In celebration of Black History Month, P.O.W.E.R. hung posters about influential Black women of the 20th and 21st centuries. (Photo Credit: Raquelle Elson/Achona Online)
In celebration of Black History Month, P.O.W.E.R. hung posters about influential Black women of the 20th and 21st centuries.

Photo Credit: Raquelle Elson/Achona Online

Politicizing education: Florida’s controversy (EDITORIAL)

March 9, 2023

On January 12, Governor Ron DeSantis’s administration sent a letter to the College Board stating that the proposed AP African American Studies course lacks educational value and would be outlawed in Florida. Following this controversy, the College Board released the curriculum for this new course – notably lacking the topics and subjects that were initially deemed reprehensible. 


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The issue many like-minded Floridians have with this AP class is the fact that it teaches Critical Race Theory, a sentiment shared by those in support of the Stop Woke Act. However, these classes do not teach Critical Race Theory as C.R.T. is a graduate-level course that could not be taught to teenagers through these classes. The phrase is constantly thrown into these discussions to strike fear into the hearts of parents and build up dissent for these classes. In reality, AP African American Studies teaches the origins of the African diaspora, Reconstruction, the Harlem Renaissance, the Civil Rights movement, historical figures, the Haitian Revolution, Black Lives Matter, and the reparations movement. However, this was just the preliminary course material and on February 1, the College Board released the official curriculum. Despite denying any influence due to political controversy, the Board reassigned many of the more controversial topics as optional sources for an end-of-year project

This is not the first time Governor DeSantis has played a hand in vastly construing what is taught in Florida schools. In 2022, he signed the “Stop Woke Act” which was written to prevent teaching about race relations in a way that attributes privilege or oppression to race, color, national origin, or sex. He also signed the Florida Parental Rights in Education, or “Don’t Say Gay,” Act which prohibits teachings about sexual orientation and gender identity to students in kindergarten through third grade. More recently, DeSantis has targeted the New College of Florida – one of the state’s very few public liberal arts colleges – due to its “wokeness.” To combat this alleged predicament, he has appointed 6 new members to the board in an effort to realign the school’s values.

An element that lies at the center of this issue is the feelings of white students. Parents and politicians alike express deep concern that white students will “feel bad” if they are taught the roles other white people played in the oppression of others. This has no relevance to the conversations at hand. These classes do not shame white students for actions from the past so there would be no guilt to be felt as they are not the people in the history books. Also, this blatantly prioritizes their feelings over proper education of Black history. Every history class teaches in depth about the successes and failures of white people throughout history but does not allow Black students to learn that their ancestors were so much more than slaves.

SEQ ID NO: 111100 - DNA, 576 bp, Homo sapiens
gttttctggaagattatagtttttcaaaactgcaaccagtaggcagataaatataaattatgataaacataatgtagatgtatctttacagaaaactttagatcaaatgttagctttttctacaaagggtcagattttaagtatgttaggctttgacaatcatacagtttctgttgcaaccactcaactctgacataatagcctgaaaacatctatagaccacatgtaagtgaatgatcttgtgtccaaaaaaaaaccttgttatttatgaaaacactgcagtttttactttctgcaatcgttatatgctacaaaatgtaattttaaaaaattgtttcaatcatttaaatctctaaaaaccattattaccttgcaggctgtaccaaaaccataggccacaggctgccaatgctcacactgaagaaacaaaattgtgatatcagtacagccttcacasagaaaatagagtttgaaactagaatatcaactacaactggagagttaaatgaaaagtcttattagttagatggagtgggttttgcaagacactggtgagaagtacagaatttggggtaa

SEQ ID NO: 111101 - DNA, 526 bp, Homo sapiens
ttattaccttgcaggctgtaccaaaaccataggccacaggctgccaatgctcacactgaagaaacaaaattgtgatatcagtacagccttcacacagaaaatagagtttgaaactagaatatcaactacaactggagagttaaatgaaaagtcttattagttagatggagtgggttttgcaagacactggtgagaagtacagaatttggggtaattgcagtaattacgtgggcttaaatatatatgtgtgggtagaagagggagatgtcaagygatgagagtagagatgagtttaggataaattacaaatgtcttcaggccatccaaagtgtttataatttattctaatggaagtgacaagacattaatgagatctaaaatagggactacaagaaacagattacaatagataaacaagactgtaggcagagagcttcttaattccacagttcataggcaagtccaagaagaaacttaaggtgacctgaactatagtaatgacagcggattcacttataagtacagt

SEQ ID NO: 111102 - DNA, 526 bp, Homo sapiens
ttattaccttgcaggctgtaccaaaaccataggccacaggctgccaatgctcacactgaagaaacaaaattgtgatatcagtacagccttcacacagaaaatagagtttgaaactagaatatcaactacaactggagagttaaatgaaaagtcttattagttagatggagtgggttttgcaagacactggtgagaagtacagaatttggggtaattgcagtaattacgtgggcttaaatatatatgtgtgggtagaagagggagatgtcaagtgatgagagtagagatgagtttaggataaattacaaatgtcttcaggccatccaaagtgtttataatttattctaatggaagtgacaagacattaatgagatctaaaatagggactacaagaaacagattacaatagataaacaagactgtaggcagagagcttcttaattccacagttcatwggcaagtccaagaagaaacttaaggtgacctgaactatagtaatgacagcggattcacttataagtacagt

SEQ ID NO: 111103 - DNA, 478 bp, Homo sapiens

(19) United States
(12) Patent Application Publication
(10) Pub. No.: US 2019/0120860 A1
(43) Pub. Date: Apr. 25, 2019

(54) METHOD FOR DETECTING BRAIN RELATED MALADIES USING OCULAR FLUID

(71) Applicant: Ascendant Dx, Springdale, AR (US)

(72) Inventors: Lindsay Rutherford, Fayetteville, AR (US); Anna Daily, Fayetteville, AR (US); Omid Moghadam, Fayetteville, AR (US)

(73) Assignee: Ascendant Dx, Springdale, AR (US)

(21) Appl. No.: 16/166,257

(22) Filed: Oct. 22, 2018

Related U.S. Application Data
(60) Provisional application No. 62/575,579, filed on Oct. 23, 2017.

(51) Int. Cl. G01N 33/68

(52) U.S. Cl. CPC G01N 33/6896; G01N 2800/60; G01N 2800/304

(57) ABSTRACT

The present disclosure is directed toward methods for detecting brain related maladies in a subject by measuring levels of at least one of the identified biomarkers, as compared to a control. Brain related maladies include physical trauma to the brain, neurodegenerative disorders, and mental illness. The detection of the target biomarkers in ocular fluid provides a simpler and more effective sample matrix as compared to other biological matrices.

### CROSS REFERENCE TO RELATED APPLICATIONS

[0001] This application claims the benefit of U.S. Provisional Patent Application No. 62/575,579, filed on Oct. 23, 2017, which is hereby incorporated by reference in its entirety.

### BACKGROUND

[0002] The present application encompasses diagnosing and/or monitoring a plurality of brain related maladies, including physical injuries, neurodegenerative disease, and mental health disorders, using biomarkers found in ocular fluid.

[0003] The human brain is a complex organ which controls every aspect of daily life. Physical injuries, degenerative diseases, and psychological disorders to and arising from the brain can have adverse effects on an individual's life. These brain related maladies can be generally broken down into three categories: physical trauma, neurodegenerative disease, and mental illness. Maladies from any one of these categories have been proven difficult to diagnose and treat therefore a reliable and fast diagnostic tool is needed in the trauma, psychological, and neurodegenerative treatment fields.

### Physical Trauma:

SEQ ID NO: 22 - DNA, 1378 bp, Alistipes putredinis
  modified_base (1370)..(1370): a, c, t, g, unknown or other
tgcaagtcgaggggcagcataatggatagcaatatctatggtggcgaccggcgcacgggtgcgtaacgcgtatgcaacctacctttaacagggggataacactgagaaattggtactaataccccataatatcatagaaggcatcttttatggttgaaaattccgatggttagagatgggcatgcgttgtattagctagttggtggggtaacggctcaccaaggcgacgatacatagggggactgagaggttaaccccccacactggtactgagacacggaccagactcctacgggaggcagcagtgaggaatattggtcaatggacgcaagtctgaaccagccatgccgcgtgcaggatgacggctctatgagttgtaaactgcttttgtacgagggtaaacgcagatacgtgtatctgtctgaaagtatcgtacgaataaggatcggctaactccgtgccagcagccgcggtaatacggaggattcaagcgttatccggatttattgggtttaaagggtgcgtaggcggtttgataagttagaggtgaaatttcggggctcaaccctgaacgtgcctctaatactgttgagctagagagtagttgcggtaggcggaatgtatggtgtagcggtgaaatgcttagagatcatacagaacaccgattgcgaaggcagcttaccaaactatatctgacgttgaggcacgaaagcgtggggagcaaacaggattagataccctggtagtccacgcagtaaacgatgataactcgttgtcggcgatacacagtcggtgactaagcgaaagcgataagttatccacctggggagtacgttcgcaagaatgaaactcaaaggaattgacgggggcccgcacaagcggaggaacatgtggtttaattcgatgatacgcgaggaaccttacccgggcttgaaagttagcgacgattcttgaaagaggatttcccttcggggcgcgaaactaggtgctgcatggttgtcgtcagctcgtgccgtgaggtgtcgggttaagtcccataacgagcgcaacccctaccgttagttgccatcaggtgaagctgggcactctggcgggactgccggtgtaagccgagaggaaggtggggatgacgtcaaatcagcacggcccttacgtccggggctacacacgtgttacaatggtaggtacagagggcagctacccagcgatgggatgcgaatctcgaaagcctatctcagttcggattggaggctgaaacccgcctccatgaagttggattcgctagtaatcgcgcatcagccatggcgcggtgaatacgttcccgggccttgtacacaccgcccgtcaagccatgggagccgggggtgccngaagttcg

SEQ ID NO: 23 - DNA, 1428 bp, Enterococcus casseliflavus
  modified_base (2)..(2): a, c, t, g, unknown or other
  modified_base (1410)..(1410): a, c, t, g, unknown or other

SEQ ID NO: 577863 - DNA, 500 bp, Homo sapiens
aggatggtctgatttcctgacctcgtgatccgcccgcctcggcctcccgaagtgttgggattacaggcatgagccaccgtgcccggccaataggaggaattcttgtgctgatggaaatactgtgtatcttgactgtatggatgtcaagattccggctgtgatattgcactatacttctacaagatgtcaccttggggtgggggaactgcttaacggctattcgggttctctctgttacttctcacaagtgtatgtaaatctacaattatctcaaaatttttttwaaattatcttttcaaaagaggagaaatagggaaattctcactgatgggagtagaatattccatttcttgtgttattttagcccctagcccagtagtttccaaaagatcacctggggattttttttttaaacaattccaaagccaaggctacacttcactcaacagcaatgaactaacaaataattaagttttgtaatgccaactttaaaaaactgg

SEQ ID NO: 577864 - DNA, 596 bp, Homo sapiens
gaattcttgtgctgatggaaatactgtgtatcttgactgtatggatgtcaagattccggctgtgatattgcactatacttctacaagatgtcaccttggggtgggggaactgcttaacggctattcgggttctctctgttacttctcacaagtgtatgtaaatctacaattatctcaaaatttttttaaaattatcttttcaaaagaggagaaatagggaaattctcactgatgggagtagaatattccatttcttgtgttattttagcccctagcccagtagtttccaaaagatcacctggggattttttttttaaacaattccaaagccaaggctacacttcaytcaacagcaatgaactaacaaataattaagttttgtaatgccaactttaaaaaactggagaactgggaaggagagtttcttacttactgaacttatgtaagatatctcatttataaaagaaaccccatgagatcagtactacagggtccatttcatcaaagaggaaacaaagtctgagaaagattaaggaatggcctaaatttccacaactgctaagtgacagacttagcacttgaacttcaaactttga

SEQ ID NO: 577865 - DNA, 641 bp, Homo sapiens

“As someone who has taken many AP history classes, I am alarmed by this proposed legislation. I think that my education experience at Academy was enhanced by the advanced history courses I took and I worry that Florida students are missing out on an enriching academic experience,” said Avery Rogan (‘23).

An integral factor in this issue that no one mentions is that AP African American Studies is a course that appeals to a niche subset of students. Most AP classes are not required and while some classes are often taken in sequence or in the place of another class, AP African American Studies would not be one of these classes. Enrollment in this class would entirely depend on a student’s interest in the course material making the notion that this class would force-feed students CRT simply untrue. Moreover, this is not a topic mandatory for a student’s education meaning that there would be no academic repercussions for not taking this class. However, the subject is one that is critical to better understanding the effects our country’s history has on modern-day issues – a benefit that many interested Florida students will not have access to.

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  • Sofia GirgentiMar 9, 2023 at 2:00 pm

    Thank you for such a strongly written article! Thank you for bringing attention to this, as it is so important that future high school students have the ability to be properly educated on Black history.